Crime Research Centre

People and contacts

Centre Directors

Dr Hans Crombag

Dr Hans Crombag

Dr Hans Crombag is a Senior Lecturer in Psychology and Co-Director of the Crime Research Centre.

Hans' research expertise includes:

  • addiction and law
  • associative learning
  • motivation
  • neurology of behaviour
  • reward.

Dr Tanya Palmer

Dr Tanya Palmer

Dr Tanya Palmer is a Lecturer in Law and Co-Director of the Crime Research Centre. She is also a member of the Centre for Gender Studies and the Centre for Sexual Dissidence.

Tanya’s research focuses on the legal regulation of sexual encounters, primarily via the criminal law of England and Wales. She is currently working on a monograph which explores the ethical and legal boundary between sex and sexual violation, and has previously published on this topic and on the criminalisation of ‘rape pornography’.

Follow Tanya on Twitter @TanyaVPalmer.

Prof Dean Wilson

Prof Dean Wilson

Professor Dean Wilson is a criminologist in the Department of Sociology and Co-Director of the Crime Research Centre.

Dean's primary research interests are policing, surveillance, security and technology. He has conducted major empirical research projects examining the history of urban policing, the operation of Closed Circuit Television (CCTV) and police perceptions and procedures in relation to victims of crime. Dean has also conducted smaller scale research projects examining biometric technology and security, youth and surveillance, identity cards, policing, protest and visual technologies, military surveillance, immigration policing and predictive policing. Dean recently published (with Jude McCulloch) the first book-length criminological study of pre-emption (2016) Pre-Crime: Pre-emption, Precaution and the Future, Routledge. His current projects continue to examine the interface between policing, security and technology.

Doctoral Student reps

Ioana Dulcu

Ioana Dulcu

Ioana is a doctoral tutor and a first-year PhD student at the University of Sussex, as well as an Associate Editor for the Brief Encounters Journal.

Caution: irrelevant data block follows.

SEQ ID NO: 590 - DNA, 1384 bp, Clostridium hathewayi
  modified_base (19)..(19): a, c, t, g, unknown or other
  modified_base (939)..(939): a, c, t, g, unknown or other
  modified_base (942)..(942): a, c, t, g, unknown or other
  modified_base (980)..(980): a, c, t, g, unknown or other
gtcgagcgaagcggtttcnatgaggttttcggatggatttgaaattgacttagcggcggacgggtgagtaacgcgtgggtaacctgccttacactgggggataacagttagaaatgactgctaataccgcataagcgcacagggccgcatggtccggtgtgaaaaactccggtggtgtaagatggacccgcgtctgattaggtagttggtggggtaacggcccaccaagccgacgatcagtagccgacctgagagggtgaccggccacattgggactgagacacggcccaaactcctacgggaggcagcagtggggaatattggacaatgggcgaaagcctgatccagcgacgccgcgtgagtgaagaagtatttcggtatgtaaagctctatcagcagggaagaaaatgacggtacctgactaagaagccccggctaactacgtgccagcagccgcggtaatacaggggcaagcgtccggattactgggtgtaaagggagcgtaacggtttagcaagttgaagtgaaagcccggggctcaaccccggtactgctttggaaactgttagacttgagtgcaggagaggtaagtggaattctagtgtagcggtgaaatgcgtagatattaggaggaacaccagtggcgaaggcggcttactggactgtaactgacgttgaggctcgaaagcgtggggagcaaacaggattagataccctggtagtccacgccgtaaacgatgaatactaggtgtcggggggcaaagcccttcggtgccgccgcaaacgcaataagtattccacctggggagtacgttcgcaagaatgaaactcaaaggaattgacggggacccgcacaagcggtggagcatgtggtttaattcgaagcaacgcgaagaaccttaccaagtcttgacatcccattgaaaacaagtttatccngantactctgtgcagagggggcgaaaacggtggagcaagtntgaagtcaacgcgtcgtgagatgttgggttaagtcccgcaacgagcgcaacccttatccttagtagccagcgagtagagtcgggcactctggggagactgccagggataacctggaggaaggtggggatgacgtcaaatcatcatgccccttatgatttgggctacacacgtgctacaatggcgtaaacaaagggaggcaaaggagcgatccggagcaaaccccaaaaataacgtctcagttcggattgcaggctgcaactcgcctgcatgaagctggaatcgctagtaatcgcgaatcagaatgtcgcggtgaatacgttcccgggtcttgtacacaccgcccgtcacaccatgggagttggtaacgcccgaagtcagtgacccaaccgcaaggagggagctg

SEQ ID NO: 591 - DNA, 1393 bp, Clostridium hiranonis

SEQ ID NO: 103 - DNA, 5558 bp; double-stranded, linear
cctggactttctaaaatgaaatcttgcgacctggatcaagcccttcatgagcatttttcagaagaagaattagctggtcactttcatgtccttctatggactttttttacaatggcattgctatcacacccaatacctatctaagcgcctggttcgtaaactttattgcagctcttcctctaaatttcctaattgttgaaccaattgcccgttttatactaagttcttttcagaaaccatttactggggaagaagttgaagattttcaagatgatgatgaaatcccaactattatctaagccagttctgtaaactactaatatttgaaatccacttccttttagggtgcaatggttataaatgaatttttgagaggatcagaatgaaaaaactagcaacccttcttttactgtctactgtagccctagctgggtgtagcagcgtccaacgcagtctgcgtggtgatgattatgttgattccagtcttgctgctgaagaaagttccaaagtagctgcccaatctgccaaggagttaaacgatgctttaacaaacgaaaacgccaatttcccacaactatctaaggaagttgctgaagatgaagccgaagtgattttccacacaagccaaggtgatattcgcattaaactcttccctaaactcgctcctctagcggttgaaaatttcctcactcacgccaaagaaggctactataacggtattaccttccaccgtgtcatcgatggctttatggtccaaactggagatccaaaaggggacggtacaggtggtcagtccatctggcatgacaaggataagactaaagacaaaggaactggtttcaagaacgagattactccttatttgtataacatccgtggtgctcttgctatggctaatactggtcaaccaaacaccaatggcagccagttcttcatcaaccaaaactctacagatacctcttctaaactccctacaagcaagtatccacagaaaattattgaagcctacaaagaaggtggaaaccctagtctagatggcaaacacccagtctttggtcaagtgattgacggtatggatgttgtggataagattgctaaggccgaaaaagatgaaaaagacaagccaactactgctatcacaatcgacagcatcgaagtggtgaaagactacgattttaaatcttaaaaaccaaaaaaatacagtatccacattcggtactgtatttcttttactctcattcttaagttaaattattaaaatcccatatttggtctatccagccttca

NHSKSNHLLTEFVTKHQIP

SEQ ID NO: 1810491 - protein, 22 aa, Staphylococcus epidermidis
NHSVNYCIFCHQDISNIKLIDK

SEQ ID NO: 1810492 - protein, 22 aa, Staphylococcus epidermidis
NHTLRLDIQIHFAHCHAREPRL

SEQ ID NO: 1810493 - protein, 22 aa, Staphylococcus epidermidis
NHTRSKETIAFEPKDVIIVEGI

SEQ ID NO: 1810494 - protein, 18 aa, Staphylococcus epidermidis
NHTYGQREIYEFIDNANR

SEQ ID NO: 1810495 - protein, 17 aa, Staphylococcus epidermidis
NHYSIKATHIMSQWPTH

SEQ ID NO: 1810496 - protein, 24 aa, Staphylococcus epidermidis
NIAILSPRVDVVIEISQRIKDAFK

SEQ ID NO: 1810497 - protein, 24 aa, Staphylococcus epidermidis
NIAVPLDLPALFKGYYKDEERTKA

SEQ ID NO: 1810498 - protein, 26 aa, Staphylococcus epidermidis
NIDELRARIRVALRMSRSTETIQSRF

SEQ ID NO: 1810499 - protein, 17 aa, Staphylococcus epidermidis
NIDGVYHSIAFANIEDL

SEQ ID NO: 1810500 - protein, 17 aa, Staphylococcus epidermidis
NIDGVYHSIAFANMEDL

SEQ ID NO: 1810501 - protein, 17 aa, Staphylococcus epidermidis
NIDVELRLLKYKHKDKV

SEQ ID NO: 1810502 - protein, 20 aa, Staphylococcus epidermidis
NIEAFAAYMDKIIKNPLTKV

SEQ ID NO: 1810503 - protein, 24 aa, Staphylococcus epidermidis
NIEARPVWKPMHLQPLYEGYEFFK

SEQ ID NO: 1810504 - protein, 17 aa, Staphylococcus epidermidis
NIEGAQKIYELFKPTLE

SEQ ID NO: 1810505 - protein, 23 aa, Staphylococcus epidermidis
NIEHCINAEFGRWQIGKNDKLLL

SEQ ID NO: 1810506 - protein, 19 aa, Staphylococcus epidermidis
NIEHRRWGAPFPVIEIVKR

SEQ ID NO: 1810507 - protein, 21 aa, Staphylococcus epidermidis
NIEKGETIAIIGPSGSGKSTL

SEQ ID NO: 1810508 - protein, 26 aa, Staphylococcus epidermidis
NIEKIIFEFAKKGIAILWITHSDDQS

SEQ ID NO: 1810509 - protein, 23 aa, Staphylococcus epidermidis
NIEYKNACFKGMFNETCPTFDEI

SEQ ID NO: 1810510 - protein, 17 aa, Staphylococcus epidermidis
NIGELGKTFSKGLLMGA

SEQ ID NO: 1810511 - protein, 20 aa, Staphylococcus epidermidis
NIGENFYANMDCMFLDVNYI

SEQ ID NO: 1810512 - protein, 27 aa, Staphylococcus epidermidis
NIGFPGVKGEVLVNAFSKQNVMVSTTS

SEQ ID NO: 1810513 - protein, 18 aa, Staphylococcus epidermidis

Ioana's research focuses on the automatism doctrine in the criminal law and the level of voluntariness required to commit a criminal offence. Using hypnosis as a case study, her thesis adopts an interdisciplinary approach which incorporates psychology and the philosophy of action in order to formulate an alternative legal framework. 

She holds an AHRC CHASE scholarship. 

Cassandra Wiener

Cassandra Wiener

Cassandra was a corporate litigator at Simmons & Simmons LLP for ten years, following which she managed a Citizens Advice Bureau for two years before entering academia.   She was a Teaching Fellow (Senior Lecturer) at the University of Law 2002 - 2012, where she taught the Law of Contract, Employment and Criminal Law.  In 2012 Cassandra left the University of Law to pursue her own research interests in human rights at the University of Sussex.  She is now an E.S.R.C. funded Doctoral Researcher at Sussex Law School.

Cassandra's doctoral research is looking at ss. 76 & 77 Serious Crime Act 2015, which criminalises coercive and controlling behaviour for the first time in England and Wales. Academic insight into the role of coercive and controlling behaviour in the context of domestic abuse is not new, but translating this insight into effective criminal justice law and policy is a challenge for practitioners, activists and academics alike.  Cassandra's focus is on the viewpoint of survivors of abuse and she is combining theoretical research with an original empirical study: conducting focus groups and semi structured interviews with professionals and survivors. Cassandra's other research interests include gender studies, criminology and human rights.

External members

Carol Shoesmith, Sussex Police

Philip Bennetts QC